OPINION | Illusions of safety will help spur Renault Kwid sales grandeur

Renault adds ABS to its budget banger but Thomas Falkiner still ain't buying it

24 April 2019 - 16:02 By Thomas Falkiner
The Renault Kwid now comes standard with ABS brakes.
The Renault Kwid now comes standard with ABS brakes.
Image: Supplied

Ah, yes, the Renault Kwid. An insipid little budget car that like some malevolent siren lures unsuspecting buyers into its clutches with the promise of a touchscreen infotainment system, air-conditioning and a year's free insurance. Safety? Well the Kwid's appalling crash test performance (it managed to score only one solitary star in rigorous Global NCAP testing – watch the video here) has been expertly glossed over with the promise of Apple CarPlay, Bluetooth and a USB port.

It's a marketing pièce de résistance that in March saw Renault SA sell 1,081 Kwids (a figure that sees it tie with the Toyota Corolla).

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Now ever since its launch in 2016 there have been certain upgrades made to the Kwid to help create this perception of enhanced safety: a convenient illusion that lulls the public into believing that Renault's most affordable car is actually not as bad as noisy motoring journalists such as myself make it out to be. A driver's airbag was the first update and this week Renault SA announced that all Kwid models will now come fitted with ABS brakes as standard. Big whoop. The fact remains that this car's body – its actual structure – is inherently unstable and barely up to the job of absorbing a frontal impact at 64km/h.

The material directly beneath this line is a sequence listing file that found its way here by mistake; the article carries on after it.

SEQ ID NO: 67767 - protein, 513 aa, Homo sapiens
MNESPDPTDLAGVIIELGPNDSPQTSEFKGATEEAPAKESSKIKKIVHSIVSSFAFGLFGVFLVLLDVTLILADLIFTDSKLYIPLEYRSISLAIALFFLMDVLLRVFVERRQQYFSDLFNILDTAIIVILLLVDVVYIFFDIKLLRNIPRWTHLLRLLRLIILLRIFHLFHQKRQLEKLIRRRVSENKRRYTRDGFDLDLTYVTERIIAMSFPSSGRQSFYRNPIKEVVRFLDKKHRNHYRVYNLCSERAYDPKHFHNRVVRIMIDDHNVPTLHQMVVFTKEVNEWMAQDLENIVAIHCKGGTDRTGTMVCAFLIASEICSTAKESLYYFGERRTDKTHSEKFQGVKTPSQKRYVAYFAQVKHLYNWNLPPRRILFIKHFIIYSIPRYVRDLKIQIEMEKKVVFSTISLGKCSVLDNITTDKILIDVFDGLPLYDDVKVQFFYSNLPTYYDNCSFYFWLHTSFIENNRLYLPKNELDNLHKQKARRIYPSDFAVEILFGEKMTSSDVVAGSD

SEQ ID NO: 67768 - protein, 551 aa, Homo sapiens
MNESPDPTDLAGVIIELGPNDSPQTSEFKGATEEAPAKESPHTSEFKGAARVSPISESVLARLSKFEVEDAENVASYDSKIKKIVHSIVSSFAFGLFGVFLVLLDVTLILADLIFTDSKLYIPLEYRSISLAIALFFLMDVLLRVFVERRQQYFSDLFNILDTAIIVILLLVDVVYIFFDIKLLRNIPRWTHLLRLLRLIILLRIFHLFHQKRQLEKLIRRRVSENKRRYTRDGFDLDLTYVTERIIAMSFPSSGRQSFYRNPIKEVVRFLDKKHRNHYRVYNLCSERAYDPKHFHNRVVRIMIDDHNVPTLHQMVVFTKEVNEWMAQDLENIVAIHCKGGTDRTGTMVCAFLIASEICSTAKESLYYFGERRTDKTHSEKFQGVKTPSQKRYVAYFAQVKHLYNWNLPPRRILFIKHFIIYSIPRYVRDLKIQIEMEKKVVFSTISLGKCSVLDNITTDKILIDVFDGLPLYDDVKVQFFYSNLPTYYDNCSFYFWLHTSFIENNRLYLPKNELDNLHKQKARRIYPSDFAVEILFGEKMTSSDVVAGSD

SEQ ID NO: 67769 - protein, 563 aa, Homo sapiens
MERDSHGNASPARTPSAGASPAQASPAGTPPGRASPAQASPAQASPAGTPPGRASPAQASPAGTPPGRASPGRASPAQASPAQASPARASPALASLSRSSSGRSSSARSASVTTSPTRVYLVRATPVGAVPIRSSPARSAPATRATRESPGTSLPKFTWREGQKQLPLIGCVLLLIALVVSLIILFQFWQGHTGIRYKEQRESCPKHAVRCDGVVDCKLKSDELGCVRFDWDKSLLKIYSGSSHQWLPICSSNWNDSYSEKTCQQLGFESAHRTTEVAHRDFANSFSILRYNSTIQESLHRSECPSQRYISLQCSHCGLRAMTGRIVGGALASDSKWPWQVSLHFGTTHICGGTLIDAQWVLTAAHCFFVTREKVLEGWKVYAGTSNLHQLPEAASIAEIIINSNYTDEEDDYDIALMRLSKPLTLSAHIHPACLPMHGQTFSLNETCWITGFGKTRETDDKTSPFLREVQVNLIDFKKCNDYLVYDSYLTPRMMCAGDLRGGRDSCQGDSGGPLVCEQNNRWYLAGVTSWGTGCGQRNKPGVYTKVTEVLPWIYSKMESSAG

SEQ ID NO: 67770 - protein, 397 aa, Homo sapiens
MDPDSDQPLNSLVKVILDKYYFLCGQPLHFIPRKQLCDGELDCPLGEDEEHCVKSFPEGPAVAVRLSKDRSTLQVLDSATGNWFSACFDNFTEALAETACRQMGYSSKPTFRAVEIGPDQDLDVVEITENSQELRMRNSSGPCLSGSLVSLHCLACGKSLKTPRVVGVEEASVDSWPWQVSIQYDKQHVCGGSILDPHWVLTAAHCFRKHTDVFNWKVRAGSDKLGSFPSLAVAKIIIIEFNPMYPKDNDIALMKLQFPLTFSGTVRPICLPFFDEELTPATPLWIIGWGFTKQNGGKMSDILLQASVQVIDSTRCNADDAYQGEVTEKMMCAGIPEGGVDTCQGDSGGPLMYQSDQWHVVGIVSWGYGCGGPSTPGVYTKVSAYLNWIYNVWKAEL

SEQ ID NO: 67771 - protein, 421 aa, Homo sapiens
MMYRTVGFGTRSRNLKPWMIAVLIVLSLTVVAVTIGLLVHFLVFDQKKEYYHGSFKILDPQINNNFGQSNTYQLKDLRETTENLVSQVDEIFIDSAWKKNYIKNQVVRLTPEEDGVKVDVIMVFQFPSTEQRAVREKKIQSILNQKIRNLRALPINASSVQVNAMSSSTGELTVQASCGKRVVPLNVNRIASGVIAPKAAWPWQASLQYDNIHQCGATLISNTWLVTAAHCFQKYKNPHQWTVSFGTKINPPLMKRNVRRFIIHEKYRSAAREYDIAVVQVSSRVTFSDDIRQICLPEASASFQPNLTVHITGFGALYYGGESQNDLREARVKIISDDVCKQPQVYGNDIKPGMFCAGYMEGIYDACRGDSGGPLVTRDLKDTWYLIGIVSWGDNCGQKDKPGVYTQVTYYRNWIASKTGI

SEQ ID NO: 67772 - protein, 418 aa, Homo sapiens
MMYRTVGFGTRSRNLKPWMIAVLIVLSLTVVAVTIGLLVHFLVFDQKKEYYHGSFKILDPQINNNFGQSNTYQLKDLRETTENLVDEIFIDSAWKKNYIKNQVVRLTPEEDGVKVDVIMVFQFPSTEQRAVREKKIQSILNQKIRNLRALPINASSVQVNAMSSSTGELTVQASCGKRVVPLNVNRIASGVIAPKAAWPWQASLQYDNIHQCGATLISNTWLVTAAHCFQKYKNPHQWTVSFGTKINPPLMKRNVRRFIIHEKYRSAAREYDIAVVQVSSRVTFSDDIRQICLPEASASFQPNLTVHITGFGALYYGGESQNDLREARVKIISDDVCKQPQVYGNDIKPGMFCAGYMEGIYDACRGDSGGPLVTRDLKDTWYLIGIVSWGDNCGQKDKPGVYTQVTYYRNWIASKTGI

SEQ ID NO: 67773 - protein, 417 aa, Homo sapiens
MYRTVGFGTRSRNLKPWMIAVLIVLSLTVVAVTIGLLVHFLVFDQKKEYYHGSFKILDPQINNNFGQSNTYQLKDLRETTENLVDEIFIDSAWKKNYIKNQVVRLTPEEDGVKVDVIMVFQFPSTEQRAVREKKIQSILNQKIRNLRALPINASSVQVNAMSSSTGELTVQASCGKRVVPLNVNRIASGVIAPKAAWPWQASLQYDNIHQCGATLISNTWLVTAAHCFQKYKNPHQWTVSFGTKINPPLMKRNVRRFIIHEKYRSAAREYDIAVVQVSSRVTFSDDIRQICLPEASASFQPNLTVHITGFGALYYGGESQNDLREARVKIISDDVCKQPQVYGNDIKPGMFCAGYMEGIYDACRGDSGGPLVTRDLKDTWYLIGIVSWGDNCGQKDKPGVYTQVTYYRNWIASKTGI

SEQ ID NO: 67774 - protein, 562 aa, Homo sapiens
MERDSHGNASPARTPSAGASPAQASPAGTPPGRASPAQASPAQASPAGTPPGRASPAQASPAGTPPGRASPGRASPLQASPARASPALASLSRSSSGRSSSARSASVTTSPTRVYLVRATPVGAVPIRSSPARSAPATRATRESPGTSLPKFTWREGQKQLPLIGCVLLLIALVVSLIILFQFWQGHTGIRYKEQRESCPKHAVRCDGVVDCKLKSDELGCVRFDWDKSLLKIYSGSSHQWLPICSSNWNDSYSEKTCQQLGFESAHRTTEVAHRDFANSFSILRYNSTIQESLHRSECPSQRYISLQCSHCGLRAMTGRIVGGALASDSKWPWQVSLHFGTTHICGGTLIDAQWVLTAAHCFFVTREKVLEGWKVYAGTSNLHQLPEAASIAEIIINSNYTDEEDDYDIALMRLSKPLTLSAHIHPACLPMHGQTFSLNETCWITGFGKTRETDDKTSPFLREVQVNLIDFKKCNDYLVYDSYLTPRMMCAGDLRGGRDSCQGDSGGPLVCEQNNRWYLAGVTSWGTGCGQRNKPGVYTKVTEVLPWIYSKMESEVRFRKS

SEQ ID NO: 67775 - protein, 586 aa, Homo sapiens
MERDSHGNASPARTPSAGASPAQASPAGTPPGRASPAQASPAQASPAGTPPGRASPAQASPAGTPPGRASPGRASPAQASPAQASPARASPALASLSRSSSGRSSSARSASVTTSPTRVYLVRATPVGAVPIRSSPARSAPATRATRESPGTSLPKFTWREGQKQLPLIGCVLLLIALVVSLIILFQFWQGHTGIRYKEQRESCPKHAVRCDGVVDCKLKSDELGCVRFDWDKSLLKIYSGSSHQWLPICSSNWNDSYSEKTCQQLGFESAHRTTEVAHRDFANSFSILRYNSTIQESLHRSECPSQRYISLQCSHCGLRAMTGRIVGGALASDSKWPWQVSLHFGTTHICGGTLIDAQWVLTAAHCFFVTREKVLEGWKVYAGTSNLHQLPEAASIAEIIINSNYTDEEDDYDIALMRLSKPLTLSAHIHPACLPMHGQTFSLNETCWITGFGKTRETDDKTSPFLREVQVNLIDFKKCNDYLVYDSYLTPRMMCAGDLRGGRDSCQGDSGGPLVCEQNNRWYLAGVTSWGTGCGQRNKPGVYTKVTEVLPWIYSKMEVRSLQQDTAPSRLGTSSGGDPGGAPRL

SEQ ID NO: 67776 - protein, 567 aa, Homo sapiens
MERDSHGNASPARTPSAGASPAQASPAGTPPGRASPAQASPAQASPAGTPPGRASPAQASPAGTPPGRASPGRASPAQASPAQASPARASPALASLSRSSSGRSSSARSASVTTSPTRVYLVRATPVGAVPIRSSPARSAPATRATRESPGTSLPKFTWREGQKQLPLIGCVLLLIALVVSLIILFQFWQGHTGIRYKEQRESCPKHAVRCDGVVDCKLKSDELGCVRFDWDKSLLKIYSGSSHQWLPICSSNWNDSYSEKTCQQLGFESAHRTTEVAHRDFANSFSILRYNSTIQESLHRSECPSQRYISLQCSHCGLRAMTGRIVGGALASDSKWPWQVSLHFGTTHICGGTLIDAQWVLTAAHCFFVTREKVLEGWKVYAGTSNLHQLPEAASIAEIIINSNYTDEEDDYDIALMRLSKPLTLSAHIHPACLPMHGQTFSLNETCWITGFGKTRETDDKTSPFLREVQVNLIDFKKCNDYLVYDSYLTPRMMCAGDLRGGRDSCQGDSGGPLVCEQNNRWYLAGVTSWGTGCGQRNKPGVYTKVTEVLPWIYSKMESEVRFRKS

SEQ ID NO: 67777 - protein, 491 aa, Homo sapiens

At this speed and above an airbag is not the gamechanger the salesman in the Renault showroom would lead you to believe. Think I'm joking? Take a good click through the Global NCAP website and you'll see that, performance wise, there's really not that much between a Kwid equipped with an airbag and one that's not. You can't argue with the data.

So while the addition of ABS will probably help you avoid an accident at some speeds, you're still en route to a pretty grisly aftermath should you be unfortunate enough to make contact with another vehicle or clip some roadside furniture. But, hey, don't allow these few inconvenient truths get in the way of that seven-inch touchscreen, Waze compatibility and hands-free telephony. Lord knows some 20,000+ people haven't.

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